Thursday, October 23, 2014

Taking Things Personally in Ministry

Don't take it personally.

Whether it's business or the church, not taking an action personally is the prevailing wisdom regarding any response that could be seen as negative. Taking things personally means that emotions obscure clear thinking, leading to problematic or even dangerous decisions. Taking things personally subverts good business, rational processes, and sound theology.

Is taking things personally a problem?

Coming from a Lutheran Christian tradition, I have been warned regarding appeals to emotion and faith. This was easy for me to do in 10 years of interim ministry. Detachment was the name of the game. I would not get entangled with the emotions of the congregational system, lest I get caught up in waves of anger and pain that had nothing to do with me. These emotions prevent seeing a clear path for the faith community. I was never asked to be a robot--I still offered compassion and pastoral care, but I was also asked to look at the relationships and organization of the congregation as a social scientist. I enjoyed this approach; it was the best of both worlds for my interests.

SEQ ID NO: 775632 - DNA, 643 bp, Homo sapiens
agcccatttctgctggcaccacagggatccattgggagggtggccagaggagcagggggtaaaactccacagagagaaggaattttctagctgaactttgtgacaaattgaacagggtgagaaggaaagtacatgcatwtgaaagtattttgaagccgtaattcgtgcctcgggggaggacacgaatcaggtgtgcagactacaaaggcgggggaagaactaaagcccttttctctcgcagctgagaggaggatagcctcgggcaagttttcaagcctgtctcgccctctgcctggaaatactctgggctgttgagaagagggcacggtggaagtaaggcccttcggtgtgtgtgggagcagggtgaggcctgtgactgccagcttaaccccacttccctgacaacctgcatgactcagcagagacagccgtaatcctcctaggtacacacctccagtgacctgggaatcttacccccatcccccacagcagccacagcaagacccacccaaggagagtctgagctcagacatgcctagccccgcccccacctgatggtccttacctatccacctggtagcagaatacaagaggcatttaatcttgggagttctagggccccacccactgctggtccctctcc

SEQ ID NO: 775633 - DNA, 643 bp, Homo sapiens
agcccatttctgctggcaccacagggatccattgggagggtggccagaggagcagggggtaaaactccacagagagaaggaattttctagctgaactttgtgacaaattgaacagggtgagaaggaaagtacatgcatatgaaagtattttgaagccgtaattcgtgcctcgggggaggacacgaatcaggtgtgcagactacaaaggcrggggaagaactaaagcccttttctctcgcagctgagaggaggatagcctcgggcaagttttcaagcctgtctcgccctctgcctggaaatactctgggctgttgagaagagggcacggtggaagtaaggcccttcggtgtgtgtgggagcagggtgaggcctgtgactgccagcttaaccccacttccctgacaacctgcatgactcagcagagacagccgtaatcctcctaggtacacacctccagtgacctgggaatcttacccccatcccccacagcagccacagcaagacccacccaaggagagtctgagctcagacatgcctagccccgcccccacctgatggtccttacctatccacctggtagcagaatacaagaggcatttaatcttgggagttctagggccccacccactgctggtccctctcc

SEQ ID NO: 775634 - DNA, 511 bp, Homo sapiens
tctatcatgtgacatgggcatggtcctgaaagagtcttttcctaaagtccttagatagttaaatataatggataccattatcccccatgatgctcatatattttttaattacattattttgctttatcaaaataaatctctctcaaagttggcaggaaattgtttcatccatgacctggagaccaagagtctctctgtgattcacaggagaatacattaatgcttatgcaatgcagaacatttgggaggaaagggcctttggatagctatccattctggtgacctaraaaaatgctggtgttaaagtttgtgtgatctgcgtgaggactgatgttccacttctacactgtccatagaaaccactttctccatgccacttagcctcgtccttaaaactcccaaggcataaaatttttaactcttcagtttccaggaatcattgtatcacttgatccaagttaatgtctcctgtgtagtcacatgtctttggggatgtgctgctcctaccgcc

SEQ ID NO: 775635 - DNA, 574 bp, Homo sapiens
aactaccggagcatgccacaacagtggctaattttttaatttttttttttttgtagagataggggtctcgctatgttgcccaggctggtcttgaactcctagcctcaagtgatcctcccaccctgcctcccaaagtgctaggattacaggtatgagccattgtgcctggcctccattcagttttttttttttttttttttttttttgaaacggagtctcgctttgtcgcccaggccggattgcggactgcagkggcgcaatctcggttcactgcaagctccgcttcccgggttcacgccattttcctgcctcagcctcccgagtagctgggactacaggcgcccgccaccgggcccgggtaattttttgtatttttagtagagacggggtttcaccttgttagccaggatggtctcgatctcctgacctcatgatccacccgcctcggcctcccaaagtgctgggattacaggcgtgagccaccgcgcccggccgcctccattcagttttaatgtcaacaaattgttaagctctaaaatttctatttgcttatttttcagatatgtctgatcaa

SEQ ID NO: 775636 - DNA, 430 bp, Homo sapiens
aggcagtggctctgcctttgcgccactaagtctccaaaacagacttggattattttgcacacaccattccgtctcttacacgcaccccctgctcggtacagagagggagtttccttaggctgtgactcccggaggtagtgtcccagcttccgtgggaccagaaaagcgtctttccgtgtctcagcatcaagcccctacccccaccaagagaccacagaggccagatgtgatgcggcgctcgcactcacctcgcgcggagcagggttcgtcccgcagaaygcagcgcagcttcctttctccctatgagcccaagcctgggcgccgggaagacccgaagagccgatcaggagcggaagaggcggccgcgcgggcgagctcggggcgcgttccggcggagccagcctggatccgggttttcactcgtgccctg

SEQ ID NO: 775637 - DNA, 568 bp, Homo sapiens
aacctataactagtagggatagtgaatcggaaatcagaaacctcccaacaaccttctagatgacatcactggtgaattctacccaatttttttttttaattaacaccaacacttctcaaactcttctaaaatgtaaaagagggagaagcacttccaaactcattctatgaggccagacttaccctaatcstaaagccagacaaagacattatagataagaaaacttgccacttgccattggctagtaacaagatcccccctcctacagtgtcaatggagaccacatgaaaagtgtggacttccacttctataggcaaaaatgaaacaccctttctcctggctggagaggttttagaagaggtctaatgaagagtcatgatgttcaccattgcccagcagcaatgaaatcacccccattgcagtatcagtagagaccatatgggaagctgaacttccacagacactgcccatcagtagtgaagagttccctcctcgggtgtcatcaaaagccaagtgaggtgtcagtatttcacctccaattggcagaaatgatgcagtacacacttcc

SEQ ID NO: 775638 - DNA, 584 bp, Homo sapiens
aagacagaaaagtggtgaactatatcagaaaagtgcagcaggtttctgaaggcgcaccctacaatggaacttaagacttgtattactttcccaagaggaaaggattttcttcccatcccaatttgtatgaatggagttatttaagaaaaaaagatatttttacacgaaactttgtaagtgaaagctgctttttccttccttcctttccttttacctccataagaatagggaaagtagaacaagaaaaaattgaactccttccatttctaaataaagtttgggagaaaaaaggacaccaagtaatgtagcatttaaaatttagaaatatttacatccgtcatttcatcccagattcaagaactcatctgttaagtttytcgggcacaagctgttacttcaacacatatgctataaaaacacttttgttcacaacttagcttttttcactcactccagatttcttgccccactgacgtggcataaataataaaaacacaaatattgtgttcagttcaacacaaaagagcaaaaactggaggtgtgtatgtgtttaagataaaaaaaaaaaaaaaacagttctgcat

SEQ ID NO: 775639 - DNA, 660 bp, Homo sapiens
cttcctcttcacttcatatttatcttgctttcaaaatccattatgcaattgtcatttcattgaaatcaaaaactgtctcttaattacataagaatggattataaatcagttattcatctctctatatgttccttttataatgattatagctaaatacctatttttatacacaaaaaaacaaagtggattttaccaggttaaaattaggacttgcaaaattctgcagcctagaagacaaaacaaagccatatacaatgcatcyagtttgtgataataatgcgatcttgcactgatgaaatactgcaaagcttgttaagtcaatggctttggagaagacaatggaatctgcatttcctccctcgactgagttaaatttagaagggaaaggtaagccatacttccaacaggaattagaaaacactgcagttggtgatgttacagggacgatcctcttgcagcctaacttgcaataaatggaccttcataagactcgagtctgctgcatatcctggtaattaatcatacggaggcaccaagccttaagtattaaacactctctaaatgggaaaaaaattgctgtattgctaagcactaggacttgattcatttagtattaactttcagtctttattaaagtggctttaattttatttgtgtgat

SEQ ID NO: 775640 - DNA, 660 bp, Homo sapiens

Since I've been in a congregation where there is no apparent finish line to my time of service, I find that detachment is more challenging to implement. When a ministry falls flat or there is discord, the emotional pull is stronger. I am more invested in the relationships. The people in my congregation are my neighbors. 

"It's not personal, it's business."
"Don't take things personally, this isn't yours to take on." 

While I have learned the value of these approaches to ministry, there is merit in caring. This is a world where too many people deal with too little caring. Maybe taking more things personally will allow me to be a better pastor in this congregation and community.

I don't know. I'm still learning. What do you think?

1 comment:

  1. It is time to stand up to the Fundamentalists in the Lutheran Church-Missouri Synod.

    I do not expect to change the mind of even one Christian fundamentalist by my online campaign against gay-hate-speech-promoting Lutheran Church, Missouri Synod official, Paul T. McCain and Patrick Henry Christian College provost, Gene Veith. I do not expect that any amount of reasoned argument will convince them of their vicious, hateful, "un-Jesus-like" behavior.

    My goal is to expose them.

    My goal is to have their Churches, Universities, Associations, and Websites added to the list of Hate Groups loathed by the overwhelming majority of the American people; so deeply loathed and reviled that these groups are marginalized to the sidelines of American society, politics, and culture; their opinions and views held in no more regard than that of other sponsors of hate, such as the KKK and Neo-Nazis.